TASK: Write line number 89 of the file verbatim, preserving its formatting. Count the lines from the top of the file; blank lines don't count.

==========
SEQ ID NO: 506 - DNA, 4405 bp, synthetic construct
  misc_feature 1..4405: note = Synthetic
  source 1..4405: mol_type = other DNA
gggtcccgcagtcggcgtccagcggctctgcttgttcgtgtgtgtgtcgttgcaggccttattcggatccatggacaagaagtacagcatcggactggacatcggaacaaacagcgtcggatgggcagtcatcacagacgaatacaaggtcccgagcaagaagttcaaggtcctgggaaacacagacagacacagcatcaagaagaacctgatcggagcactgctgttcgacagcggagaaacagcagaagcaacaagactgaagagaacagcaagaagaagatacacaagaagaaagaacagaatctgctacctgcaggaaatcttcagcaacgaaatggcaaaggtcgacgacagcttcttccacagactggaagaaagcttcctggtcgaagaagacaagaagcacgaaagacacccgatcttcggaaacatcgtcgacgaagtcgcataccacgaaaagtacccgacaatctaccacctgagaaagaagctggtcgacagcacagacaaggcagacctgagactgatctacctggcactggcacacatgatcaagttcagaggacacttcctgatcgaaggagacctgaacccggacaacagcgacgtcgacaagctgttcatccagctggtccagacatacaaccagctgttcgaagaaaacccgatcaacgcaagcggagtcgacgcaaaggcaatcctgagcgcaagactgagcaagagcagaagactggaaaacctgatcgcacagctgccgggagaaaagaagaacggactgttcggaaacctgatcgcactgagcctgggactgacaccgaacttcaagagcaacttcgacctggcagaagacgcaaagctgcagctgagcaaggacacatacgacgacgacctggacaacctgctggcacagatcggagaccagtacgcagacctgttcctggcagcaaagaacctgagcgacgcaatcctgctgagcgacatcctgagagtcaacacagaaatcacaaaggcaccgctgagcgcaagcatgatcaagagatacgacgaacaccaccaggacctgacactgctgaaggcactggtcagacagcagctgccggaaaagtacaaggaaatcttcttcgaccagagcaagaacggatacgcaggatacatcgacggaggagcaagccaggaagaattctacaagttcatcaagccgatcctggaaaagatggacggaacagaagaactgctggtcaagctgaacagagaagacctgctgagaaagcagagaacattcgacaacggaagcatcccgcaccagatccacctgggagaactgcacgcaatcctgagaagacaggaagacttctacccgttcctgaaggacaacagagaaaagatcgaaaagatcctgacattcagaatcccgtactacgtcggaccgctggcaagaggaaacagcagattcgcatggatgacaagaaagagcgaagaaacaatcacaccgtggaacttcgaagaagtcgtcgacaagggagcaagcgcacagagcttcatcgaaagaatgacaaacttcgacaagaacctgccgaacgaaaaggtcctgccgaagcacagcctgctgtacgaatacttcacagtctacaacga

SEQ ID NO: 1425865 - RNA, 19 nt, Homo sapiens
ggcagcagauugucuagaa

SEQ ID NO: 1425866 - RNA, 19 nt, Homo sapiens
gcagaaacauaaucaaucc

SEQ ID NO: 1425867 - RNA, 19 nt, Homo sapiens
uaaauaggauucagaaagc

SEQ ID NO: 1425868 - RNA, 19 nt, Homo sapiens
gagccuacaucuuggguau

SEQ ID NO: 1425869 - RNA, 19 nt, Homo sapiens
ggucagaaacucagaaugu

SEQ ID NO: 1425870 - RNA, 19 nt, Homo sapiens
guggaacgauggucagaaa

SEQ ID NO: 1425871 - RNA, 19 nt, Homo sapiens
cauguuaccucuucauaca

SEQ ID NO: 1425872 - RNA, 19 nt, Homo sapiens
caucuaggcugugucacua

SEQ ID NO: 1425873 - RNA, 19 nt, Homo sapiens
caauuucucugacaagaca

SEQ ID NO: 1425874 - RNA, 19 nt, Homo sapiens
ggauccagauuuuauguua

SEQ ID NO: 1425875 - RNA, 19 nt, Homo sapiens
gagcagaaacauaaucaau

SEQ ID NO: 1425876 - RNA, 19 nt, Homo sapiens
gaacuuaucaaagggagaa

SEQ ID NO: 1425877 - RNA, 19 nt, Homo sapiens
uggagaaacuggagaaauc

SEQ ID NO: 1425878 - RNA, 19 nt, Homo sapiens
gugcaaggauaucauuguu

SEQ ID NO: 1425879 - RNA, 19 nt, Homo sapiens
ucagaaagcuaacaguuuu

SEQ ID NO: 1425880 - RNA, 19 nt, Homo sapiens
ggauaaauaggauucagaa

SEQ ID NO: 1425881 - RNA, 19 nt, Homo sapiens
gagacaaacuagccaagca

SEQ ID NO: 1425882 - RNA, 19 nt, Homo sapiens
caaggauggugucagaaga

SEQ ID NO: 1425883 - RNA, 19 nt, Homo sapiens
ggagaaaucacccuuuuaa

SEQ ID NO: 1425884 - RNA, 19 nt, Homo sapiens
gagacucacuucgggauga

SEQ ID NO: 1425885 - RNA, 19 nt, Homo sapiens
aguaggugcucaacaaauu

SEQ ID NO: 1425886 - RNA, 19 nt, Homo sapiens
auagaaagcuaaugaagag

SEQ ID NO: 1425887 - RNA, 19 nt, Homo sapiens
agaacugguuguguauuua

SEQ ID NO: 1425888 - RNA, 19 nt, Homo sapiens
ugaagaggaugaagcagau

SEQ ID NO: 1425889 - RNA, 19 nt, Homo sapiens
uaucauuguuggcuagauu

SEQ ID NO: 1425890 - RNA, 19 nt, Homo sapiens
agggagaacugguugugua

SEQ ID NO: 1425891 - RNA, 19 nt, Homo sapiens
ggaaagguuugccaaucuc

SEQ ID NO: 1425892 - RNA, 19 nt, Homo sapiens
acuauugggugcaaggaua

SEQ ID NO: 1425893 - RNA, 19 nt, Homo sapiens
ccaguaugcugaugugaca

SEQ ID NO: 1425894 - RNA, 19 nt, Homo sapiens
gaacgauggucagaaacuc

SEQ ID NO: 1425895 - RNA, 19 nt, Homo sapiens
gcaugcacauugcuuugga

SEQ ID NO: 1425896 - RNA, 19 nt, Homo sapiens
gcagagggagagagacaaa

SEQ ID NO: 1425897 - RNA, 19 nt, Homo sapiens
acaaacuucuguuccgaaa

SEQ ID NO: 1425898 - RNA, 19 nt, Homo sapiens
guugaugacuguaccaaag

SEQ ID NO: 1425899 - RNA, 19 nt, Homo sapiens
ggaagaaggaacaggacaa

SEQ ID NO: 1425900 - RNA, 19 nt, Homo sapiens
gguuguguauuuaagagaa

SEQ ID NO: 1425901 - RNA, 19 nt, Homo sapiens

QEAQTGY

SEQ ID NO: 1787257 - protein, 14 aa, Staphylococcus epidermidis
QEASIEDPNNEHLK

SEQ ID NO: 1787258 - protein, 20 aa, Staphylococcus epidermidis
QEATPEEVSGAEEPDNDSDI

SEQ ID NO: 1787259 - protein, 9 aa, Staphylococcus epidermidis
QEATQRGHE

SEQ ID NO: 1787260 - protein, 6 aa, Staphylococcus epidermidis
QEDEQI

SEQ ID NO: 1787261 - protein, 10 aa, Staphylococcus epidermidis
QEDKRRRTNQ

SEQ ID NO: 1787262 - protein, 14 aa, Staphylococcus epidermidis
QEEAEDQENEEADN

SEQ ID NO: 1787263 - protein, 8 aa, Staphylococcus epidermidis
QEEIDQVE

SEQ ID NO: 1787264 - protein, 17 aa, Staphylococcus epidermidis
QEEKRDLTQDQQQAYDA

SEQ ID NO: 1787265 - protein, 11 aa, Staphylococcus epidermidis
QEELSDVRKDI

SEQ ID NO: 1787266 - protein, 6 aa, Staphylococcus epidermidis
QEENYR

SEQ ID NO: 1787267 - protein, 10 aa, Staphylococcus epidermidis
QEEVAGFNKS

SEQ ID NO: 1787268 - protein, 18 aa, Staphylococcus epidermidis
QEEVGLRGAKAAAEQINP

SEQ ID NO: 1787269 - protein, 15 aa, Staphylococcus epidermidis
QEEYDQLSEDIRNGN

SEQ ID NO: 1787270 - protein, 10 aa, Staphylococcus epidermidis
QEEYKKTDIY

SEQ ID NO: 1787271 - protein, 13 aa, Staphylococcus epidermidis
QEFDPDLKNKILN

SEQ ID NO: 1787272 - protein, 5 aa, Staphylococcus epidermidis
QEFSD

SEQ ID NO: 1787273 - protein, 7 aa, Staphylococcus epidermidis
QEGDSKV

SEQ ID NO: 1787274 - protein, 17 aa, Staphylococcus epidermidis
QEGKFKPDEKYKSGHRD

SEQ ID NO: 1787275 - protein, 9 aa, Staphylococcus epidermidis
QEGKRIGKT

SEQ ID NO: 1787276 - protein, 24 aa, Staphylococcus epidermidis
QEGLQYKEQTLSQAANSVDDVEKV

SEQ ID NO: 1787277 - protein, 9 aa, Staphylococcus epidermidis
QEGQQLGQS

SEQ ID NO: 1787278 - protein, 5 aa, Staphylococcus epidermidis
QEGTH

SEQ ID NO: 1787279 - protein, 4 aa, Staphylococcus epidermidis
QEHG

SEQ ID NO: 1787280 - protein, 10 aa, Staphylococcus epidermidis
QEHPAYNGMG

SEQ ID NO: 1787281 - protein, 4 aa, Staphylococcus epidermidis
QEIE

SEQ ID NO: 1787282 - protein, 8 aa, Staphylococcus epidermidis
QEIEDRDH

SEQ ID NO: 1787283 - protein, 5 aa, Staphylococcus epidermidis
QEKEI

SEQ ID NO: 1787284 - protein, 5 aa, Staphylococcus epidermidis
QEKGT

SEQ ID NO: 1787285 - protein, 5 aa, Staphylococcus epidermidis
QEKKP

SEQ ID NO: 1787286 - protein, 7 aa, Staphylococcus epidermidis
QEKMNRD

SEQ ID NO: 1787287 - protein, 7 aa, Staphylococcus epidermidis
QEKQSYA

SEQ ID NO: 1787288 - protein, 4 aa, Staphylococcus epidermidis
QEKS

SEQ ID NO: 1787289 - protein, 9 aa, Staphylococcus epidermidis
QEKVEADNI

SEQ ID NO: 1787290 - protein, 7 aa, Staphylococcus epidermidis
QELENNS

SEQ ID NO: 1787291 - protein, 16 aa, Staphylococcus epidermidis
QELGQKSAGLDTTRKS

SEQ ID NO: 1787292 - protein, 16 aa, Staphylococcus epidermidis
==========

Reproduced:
SEQ ID NO: 1787262 - protein, 14 aa, Staphylococcus epidermidis